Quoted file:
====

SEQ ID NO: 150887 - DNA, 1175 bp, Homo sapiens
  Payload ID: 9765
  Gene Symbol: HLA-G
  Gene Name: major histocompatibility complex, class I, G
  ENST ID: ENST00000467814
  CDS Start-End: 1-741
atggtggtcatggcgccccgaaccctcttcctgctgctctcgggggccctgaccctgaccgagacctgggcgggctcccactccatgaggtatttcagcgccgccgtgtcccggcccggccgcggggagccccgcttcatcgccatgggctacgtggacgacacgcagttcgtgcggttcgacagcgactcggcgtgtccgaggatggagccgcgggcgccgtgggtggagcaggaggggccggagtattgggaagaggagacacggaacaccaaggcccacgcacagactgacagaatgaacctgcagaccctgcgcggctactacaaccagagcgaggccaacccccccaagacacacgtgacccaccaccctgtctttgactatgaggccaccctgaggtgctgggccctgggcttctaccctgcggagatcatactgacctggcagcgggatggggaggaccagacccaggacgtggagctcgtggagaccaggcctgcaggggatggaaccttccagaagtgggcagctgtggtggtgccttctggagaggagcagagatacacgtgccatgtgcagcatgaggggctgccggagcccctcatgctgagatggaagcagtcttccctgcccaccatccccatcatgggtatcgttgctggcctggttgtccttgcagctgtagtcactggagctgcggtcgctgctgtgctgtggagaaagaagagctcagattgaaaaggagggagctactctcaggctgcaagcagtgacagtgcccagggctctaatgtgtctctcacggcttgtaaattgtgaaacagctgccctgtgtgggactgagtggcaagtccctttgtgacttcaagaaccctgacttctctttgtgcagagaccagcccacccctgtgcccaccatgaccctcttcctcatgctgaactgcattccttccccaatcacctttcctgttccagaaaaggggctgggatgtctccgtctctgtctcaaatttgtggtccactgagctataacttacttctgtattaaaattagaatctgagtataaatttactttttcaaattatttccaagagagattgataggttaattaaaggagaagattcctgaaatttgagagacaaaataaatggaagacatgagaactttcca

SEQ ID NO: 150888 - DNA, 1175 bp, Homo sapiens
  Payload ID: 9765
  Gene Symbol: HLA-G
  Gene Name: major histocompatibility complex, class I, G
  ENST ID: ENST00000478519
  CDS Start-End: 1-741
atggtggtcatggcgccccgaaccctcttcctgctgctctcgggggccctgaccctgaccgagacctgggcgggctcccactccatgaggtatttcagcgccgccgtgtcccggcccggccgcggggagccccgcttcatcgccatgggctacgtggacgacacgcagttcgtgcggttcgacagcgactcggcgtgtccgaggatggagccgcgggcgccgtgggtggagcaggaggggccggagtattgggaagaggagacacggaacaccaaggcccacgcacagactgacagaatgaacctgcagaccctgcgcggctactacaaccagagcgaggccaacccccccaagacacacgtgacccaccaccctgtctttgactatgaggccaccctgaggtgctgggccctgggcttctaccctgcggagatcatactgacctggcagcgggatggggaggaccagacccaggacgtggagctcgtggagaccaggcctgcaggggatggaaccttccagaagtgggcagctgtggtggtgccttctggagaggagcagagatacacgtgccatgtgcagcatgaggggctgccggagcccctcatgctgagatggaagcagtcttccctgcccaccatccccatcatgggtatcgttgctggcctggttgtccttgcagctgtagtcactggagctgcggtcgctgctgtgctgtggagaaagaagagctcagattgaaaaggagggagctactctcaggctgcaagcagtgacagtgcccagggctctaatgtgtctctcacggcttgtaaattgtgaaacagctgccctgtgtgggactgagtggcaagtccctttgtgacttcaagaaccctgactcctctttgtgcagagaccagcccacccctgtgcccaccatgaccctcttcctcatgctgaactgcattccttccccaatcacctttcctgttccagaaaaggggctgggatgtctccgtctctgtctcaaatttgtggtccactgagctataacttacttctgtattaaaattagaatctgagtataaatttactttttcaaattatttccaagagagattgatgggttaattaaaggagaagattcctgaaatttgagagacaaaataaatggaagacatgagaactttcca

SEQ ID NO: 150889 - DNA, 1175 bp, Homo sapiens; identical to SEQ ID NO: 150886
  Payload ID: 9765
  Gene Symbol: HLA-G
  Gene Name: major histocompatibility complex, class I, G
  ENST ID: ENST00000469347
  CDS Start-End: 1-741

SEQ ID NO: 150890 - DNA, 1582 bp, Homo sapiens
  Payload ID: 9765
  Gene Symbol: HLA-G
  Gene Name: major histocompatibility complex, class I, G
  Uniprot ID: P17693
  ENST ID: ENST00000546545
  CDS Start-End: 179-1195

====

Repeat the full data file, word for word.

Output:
SEQ ID NO: 150887 - DNA, 1175 bp, Homo sapiens
  Payload ID: 9765
  Gene Symbol: HLA-G
  Gene Name: major histocompatibility complex, class I, G
  ENST ID: ENST00000467814
  CDS Start-End: 1-741
atggtggtcatggcgccccgaaccctcttcctgctgctctcgggggccctgaccctgaccgagacctgggcgggctcccactccatgaggtatttcagcgccgccgtgtcccggcccggccgcggggagccccgcttcatcgccatgggctacgtggacgacacgcagttcgtgcggttcgacagcgactcggcgtgtccgaggatggagccgcgggcgccgtgggtggagcaggaggggccggagtattgggaagaggagacacggaacaccaaggcccacgcacagactgacagaatgaacctgcagaccctgcgcggctactacaaccagagcgaggccaacccccccaagacacacgtgacccaccaccctgtctttgactatgaggccaccctgaggtgctgggccctgggcttctaccctgcggagatcatactgacctggcagcgggatggggaggaccagacccaggacgtggagctcgtggagaccaggcctgcaggggatggaaccttccagaagtgggcagctgtggtggtgccttctggagaggagcagagatacacgtgccatgtgcagcatgaggggctgccggagcccctcatgctgagatggaagcagtcttccctgcccaccatccccatcatgggtatcgttgctggcctggttgtccttgcagctgtagtcactggagctgcggtcgctgctgtgctgtggagaaagaagagctcagattgaaaaggagggagctactctcaggctgcaagcagtgacagtgcccagggctctaatgtgtctctcacggcttgtaaattgtgaaacagctgccctgtgtgggactgagtggcaagtccctttgtgacttcaagaaccctgacttctctttgtgcagagaccagcccacccctgtgcccaccatgaccctcttcctcatgctgaactgcattccttccccaatcacctttcctgttccagaaaaggggctgggatgtctccgtctctgtctcaaatttgtggtccactgagctataacttacttctgtattaaaattagaatctgagtataaatttactttttcaaattatttccaagagagattgataggttaattaaaggagaagattcctgaaatttgagagacaaaataaatggaagacatgagaactttcca

SEQ ID NO: 150888 - DNA, 1175 bp, Homo sapiens
  Payload ID: 9765
  Gene Symbol: HLA-G
  Gene Name: major histocompatibility complex, class I, G
  ENST ID: ENST00000478519
  CDS Start-End: 1-741
atggtggtcatggcgccccgaaccctcttcctgctgctctcgggggccctgaccctgaccgagacctgggcgggctcccactccatgaggtatttcagcgccgccgtgtcccggcccggccgcggggagccccgcttcatcgccatgggctacgtggacgacacgcagttcgtgcggttcgacagcgactcggcgtgtccgaggatggagccgcgggcgccgtgggtggagcaggaggggccggagtattgggaagaggagacacggaacaccaaggcccacgcacagactgacagaatgaacctgcagaccctgcgcggctactacaaccagagcgaggccaacccccccaagacacacgtgacccaccaccctgtctttgactatgaggccaccctgaggtgctgggccctgggcttctaccctgcggagatcatactgacctggcagcgggatggggaggaccagacccaggacgtggagctcgtggagaccaggcctgcaggggatggaaccttccagaagtgggcagctgtggtggtgccttctggagaggagcagagatacacgtgccatgtgcagcatgaggggctgccggagcccctcatgctgagatggaagcagtcttccctgcccaccatccccatcatgggtatcgttgctggcctggttgtccttgcagctgtagtcactggagctgcggtcgctgctgtgctgtggagaaagaagagctcagattgaaaaggagggagctactctcaggctgcaagcagtgacagtgcccagggctctaatgtgtctctcacggcttgtaaattgtgaaacagctgccctgtgtgggactgagtggcaagtccctttgtgacttcaagaaccctgactcctctttgtgcagagaccagcccacccctgtgcccaccatgaccctcttcctcatgctgaactgcattccttccccaatcacctttcctgttccagaaaaggggctgggatgtctccgtctctgtctcaaatttgtggtccactgagctataacttacttctgtattaaaattagaatctgagtataaatttactttttcaaattatttccaagagagattgatgggttaattaaaggagaagattcctgaaatttgagagacaaaataaatggaagacatgagaactttcca

SEQ ID NO: 150889 - DNA, 1175 bp, Homo sapiens; identical to SEQ ID NO: 150886
  Payload ID: 9765
  Gene Symbol: HLA-G
  Gene Name: major histocompatibility complex, class I, G
  ENST ID: ENST00000469347
  CDS Start-End: 1-741

SEQ ID NO: 150890 - DNA, 1582 bp, Homo sapiens
  Payload ID: 9765
  Gene Symbol: HLA-G
  Gene Name: major histocompatibility complex, class I, G
  Uniprot ID: P17693
  ENST ID: ENST00000546545
  CDS Start-End: 179-1195